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Pagan Problem Children: What Can We Do About Them?

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 Author:    Posted: Nov. 17, 2002   This Page Viewed: 5,989,166  

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Question of the Week: 34 - 3/26/2001

What Are Your Views on Abortion, Euthanasia and Suicide?

What are your personal views on the issue of abortion, euthanasia and suicide? Do you consider these as individual and personal decisions or are they moral, religious or ethical 'crimes'? Does society-or the majority view (religious or otherwise) have the right to 'regulate' such actions or does the individual have the personal 'right' to decide whether to have an abortion or take their own life through euthanasia r suicide? CAUTION: These topics are very emotionally charged ones. Please do not attack or respond directly to another's posting, but rather simply state your own opinion on the matter. Anyone who wishes to debate the topics further via email with others can state so in his/her posting. Postings directly attacking another individual will be removed.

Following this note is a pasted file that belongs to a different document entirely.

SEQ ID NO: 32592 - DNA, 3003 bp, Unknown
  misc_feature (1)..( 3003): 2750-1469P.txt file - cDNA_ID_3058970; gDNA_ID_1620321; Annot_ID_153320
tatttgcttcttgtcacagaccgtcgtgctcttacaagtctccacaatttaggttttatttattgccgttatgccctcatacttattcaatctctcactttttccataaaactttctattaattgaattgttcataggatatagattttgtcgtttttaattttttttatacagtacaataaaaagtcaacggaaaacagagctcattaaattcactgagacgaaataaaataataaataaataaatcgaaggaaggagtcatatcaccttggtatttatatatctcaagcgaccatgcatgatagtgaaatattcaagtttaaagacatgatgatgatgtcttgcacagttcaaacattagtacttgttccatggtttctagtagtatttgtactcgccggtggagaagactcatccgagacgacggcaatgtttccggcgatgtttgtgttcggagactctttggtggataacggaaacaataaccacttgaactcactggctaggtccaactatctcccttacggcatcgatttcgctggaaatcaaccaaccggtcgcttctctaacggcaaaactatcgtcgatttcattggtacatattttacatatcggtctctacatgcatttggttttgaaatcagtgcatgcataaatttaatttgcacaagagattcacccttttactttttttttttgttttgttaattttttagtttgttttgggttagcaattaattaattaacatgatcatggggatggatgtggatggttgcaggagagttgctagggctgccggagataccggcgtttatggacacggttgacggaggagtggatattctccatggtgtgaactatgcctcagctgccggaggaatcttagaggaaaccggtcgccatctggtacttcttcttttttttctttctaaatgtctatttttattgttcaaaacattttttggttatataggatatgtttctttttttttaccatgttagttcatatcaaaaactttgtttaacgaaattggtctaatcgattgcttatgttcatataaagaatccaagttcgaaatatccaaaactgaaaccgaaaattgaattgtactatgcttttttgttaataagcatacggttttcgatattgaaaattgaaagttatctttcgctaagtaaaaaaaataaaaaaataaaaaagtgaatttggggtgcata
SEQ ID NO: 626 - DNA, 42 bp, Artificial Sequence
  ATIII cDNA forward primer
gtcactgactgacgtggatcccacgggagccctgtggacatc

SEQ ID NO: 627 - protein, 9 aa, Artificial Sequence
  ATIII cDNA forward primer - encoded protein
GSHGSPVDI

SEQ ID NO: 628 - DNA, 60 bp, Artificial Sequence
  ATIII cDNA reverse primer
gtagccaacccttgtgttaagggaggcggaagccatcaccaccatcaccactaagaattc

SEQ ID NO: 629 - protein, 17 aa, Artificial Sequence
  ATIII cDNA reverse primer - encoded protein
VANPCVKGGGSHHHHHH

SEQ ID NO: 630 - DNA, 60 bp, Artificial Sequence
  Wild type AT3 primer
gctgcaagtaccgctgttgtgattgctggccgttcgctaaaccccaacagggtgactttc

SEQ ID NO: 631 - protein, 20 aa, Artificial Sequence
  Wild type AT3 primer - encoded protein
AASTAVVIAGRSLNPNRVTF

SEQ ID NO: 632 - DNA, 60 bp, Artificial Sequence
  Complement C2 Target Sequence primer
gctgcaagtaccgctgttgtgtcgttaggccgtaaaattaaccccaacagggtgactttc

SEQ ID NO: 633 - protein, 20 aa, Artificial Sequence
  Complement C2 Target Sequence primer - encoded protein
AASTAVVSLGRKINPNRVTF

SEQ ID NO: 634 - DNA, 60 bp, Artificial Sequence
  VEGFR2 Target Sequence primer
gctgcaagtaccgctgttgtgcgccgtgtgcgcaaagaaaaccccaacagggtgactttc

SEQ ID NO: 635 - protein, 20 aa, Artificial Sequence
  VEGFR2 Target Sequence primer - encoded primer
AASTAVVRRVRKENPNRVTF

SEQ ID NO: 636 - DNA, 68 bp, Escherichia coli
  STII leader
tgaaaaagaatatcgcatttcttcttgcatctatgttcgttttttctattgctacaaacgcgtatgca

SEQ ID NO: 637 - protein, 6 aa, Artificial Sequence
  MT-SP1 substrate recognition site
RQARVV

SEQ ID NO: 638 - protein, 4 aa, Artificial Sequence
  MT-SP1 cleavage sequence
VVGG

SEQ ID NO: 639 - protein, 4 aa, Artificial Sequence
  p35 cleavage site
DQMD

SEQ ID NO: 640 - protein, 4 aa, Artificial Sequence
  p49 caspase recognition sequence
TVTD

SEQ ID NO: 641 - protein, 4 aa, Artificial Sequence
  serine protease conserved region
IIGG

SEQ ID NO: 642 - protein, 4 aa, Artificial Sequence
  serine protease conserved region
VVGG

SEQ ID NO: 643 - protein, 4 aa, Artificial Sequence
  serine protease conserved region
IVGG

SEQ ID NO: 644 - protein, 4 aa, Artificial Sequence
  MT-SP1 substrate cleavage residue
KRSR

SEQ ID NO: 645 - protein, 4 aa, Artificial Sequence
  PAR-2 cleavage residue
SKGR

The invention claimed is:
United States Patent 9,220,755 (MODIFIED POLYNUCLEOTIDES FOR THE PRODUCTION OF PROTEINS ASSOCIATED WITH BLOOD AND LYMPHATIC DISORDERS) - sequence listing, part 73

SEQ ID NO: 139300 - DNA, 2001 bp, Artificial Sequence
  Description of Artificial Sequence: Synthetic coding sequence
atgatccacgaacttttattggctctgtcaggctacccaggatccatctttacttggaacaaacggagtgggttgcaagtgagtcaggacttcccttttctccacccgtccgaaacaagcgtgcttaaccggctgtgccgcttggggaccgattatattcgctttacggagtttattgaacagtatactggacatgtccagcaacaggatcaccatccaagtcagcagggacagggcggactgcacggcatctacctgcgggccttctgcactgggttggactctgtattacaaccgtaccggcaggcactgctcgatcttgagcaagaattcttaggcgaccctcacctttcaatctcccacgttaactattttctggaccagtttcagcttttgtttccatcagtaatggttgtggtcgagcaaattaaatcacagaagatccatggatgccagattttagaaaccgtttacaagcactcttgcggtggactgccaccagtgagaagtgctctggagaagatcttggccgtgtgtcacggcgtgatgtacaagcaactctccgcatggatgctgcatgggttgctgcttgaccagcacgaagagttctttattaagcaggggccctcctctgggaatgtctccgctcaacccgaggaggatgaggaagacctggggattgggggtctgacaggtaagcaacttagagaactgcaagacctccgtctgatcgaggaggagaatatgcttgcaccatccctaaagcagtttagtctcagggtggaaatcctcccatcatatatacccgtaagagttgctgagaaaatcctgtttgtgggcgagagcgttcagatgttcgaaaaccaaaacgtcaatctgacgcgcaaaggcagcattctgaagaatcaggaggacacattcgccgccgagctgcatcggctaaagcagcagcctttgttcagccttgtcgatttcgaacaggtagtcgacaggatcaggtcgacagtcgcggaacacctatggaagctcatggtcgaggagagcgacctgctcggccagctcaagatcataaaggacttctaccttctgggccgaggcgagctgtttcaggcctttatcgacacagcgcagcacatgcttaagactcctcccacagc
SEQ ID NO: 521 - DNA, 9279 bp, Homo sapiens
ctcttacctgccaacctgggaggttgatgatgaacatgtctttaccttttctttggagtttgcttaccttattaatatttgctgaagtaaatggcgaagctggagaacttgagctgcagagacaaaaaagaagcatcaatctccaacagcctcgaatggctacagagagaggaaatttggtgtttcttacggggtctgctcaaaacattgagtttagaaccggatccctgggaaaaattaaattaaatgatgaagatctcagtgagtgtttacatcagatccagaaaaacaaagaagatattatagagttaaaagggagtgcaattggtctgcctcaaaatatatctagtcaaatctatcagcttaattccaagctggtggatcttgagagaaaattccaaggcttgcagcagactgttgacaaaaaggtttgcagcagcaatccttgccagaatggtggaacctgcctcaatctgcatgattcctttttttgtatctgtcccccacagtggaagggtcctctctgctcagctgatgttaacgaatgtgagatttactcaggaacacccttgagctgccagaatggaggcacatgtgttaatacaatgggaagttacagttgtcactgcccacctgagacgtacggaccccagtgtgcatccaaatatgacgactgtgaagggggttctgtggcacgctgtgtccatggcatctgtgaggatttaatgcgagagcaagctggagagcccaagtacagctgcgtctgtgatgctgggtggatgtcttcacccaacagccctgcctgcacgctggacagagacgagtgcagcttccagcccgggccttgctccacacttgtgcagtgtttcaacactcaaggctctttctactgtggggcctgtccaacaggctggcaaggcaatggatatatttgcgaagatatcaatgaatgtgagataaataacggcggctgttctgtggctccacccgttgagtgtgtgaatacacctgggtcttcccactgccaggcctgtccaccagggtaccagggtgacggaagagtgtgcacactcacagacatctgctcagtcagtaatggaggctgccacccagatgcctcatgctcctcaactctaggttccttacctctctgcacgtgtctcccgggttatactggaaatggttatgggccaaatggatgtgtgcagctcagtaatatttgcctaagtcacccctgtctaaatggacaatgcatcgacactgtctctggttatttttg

Reponses:   There are 95 responses posted to this question. Reverse Sort 


As The Description Of This Question States, These Are Very Emotionally Charged... Apr 2nd. at 2:27:21 pm UTC

Evan Jay Downey (Montgomery, Alabama US) Age: 30 - Email


As the description of this question states, these are very emotionally charged topics. My intention here is to state my opinion and nothing more. I'll discuss each item individually, starting with abortion.

I personally do not feel it is my place or perrogative to participate in the decision to take of a human life. Whether or not life begins at conception, delivery, or some point in between has been an issue for debate for decades. For me, I feel that life begins when an unborn child has a reasonable chance to survive outside the womb. With the advances in medical science, the survival rate of premature babies is constantly increasing at earlier stages of pregnancy. However, there is still a threshold where life cannot be supported if taken from the womb before a certain timeframe, and that is what I base my opinion on. Women who choose to abort their pregnancy prior to a point where the infant could reasonably survive should have every right to do so. While I may find it impossible for myself to make such a decision, I believe that until such a point, the fetus is a part of the mother, and not yet a seperate entity. Therefore, it is the right of the mother to determine what happens to her body.